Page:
According to Dan Hodges (a man who is wrong about nearly everything), the world outside Twitter is pleased with the government’s handling of the epidemic.

Of course, Dan doesn’t believe he needs to support his claim with evidence. Him being a Daily Mail hack is qualification enough.

Tominey, Hodges and the rest of them refuse to ask the right questions about the government’s handling of the crisis. Instead, they demand complete and total obeisance from the public, because, in their view, offering constructive criticism is tantamount to treason, and they will even brandish World War 2 and Churchill as amulets to ward off criticism. In this tweet, Iain Martin uses the war to make a feeble jab.

Former S*n editor and tabloid thug, Stig Abell, tweeted this in response to a BBC interview with Jeremy Corbyn.

What Abell knows about economics could barely cover one side of a postage stamp; he’s been inured in the Thatcherite economic model, which has been presented to us as holy writ, and the mantra of TINA continues to dominate socio-economic discourse in the public domain, and is manifested in the hack’s question: “but can we afford it?/how will we pay for it?”.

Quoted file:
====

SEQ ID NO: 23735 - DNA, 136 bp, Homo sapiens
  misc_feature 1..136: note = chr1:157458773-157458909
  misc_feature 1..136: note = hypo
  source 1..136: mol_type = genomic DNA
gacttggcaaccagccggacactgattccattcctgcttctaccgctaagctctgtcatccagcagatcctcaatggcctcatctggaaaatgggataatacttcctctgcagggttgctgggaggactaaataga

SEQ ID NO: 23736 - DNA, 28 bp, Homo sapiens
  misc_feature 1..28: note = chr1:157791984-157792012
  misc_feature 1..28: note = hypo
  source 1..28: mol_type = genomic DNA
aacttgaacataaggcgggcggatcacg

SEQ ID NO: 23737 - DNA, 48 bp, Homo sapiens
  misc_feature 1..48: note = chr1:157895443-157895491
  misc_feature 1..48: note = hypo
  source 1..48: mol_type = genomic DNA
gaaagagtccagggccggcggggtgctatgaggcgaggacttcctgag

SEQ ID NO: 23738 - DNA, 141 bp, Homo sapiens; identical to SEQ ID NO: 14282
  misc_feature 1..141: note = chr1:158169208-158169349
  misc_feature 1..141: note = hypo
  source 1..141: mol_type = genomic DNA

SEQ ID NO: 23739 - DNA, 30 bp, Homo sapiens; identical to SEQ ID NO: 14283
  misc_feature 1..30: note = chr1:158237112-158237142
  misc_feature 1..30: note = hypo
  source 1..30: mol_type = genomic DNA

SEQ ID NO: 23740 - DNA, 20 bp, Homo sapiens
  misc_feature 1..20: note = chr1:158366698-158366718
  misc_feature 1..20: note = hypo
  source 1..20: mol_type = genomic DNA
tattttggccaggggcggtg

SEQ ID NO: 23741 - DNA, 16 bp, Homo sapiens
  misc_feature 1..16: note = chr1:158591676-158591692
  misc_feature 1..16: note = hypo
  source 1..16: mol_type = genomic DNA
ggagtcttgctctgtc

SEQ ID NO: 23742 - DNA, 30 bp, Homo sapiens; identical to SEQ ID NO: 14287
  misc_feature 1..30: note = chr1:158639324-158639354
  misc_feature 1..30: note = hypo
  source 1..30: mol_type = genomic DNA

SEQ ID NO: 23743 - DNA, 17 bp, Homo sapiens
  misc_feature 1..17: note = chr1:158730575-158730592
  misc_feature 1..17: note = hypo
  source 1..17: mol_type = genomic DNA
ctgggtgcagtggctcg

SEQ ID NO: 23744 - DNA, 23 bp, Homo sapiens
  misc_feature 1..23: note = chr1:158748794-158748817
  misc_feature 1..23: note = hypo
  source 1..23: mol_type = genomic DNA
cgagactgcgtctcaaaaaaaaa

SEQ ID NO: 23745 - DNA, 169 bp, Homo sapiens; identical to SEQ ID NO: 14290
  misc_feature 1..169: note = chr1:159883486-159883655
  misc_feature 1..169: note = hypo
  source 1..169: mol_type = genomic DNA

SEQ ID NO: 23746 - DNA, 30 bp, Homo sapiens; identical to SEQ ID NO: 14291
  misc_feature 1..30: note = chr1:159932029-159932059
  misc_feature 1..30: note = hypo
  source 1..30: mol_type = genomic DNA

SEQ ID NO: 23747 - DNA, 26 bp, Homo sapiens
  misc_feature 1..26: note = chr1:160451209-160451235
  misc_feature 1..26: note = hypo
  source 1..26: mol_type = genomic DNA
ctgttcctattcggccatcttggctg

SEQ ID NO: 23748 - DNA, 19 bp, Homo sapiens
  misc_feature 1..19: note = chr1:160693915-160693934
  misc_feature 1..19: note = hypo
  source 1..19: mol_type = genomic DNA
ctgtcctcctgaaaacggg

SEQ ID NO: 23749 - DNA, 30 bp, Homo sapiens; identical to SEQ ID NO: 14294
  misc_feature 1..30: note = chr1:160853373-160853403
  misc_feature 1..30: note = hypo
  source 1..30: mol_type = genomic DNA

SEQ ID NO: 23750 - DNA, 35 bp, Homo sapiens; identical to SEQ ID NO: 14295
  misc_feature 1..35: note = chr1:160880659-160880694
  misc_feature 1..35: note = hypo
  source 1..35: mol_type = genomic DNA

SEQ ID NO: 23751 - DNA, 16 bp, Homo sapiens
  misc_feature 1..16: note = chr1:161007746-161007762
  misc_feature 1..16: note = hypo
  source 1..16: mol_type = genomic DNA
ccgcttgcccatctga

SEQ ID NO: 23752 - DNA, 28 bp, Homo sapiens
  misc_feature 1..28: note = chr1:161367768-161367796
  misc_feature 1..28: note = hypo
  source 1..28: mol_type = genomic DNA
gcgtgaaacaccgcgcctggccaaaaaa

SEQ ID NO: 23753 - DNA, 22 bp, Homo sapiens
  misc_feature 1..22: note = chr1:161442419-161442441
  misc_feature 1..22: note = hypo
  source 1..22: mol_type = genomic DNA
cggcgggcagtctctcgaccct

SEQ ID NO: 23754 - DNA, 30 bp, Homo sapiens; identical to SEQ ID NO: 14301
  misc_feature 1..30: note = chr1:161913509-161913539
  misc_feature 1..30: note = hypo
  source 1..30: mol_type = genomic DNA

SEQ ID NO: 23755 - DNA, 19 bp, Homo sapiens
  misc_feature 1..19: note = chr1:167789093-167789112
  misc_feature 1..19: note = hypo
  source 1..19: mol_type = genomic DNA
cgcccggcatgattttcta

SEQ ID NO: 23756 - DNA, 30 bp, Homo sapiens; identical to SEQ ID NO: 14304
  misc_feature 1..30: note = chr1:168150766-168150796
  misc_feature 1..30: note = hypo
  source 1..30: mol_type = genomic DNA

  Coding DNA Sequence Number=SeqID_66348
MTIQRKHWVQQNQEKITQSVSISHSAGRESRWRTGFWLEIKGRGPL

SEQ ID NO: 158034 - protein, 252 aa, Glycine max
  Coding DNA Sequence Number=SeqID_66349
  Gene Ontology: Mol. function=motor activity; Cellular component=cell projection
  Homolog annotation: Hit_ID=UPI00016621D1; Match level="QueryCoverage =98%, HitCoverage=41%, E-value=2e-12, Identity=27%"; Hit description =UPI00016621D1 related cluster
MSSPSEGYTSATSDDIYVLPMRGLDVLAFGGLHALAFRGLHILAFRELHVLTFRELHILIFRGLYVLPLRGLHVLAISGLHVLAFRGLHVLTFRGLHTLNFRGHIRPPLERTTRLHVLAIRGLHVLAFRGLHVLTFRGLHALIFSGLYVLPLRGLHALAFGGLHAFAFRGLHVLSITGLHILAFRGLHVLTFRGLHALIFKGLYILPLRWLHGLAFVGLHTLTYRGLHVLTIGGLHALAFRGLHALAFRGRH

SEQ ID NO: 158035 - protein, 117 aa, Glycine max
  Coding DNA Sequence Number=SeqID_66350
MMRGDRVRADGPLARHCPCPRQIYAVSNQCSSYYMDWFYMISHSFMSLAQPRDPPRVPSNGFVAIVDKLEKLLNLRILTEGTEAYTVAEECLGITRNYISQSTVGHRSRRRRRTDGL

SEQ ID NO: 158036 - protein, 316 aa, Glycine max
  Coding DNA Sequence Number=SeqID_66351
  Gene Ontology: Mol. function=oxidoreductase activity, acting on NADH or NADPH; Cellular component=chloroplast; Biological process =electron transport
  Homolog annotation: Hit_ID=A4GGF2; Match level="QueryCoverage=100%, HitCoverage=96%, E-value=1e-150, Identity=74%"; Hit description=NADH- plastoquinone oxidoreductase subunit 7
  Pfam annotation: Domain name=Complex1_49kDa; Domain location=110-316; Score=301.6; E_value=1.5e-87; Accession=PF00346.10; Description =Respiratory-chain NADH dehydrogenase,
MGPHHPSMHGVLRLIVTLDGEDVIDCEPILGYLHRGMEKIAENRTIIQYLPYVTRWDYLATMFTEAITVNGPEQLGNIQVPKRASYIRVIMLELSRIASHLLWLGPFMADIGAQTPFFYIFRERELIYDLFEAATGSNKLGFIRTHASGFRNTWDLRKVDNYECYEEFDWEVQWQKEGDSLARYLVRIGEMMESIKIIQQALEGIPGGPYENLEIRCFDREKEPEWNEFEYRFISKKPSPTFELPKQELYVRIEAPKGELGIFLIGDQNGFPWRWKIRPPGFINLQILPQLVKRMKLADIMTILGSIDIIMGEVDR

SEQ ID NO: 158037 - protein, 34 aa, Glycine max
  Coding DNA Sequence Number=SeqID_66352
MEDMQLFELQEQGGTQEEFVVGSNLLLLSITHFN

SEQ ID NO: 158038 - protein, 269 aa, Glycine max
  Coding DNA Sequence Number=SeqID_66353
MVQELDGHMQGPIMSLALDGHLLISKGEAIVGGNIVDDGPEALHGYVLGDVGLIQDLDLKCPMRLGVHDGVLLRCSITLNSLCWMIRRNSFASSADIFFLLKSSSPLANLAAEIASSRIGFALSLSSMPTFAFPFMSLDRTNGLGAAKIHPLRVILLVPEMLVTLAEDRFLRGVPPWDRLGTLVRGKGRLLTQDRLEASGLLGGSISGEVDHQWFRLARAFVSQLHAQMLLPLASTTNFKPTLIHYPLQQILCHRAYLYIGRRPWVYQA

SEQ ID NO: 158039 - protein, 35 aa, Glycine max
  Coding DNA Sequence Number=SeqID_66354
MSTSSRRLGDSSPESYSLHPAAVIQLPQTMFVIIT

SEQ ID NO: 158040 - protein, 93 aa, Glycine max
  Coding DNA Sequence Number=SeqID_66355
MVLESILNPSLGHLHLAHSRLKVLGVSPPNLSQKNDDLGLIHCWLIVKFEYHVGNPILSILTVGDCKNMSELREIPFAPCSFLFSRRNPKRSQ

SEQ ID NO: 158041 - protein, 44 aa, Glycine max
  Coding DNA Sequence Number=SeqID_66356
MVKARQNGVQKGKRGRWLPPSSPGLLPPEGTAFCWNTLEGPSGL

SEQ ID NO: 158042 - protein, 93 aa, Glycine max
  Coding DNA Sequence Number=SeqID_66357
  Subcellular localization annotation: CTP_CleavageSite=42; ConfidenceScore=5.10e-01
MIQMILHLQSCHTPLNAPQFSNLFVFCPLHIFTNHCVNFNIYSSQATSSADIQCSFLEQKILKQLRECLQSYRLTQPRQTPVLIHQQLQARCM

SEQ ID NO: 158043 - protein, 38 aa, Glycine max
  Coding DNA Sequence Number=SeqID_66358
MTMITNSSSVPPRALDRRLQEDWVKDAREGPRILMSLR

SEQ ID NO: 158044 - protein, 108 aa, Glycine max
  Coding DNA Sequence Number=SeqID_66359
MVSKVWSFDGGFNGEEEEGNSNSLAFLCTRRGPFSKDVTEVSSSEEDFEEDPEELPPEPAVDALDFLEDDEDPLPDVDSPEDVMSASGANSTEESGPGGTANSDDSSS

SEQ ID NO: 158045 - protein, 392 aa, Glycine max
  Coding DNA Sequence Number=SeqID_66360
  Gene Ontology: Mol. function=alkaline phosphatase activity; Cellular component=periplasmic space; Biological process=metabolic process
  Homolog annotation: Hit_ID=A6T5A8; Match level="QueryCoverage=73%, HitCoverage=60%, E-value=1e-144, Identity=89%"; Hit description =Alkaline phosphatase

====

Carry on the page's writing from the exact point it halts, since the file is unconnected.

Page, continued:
Even when the facts are laid bare before him, Abell, like the rest of his colleagues, refuse to accept the truth or ask questions that are critical of the government or the economic model to which he and they cleave so tightly. For to do so, is tantamount to questioning the existence of God. Instead, these high priests of laissez-faire economics, who masquerade as objective interpreters of current affairs, believe that the current model of capitalism has an adequate response to the crisis, when, in fact, the opposite has been demonstrated.

Tory MPs have lost no time in using the “playing politics” line either. A couple of days ago, Nadine Dorries, who supposedly tested positive for Covid-19, and who went into self-isolation and made an “Ernest Saunders” style recovery a week later, used the opportunity to accuse Emily Thornberry of “political point scoring”. Ironic, when you think that’s exactly what Dorries has done with this tweet.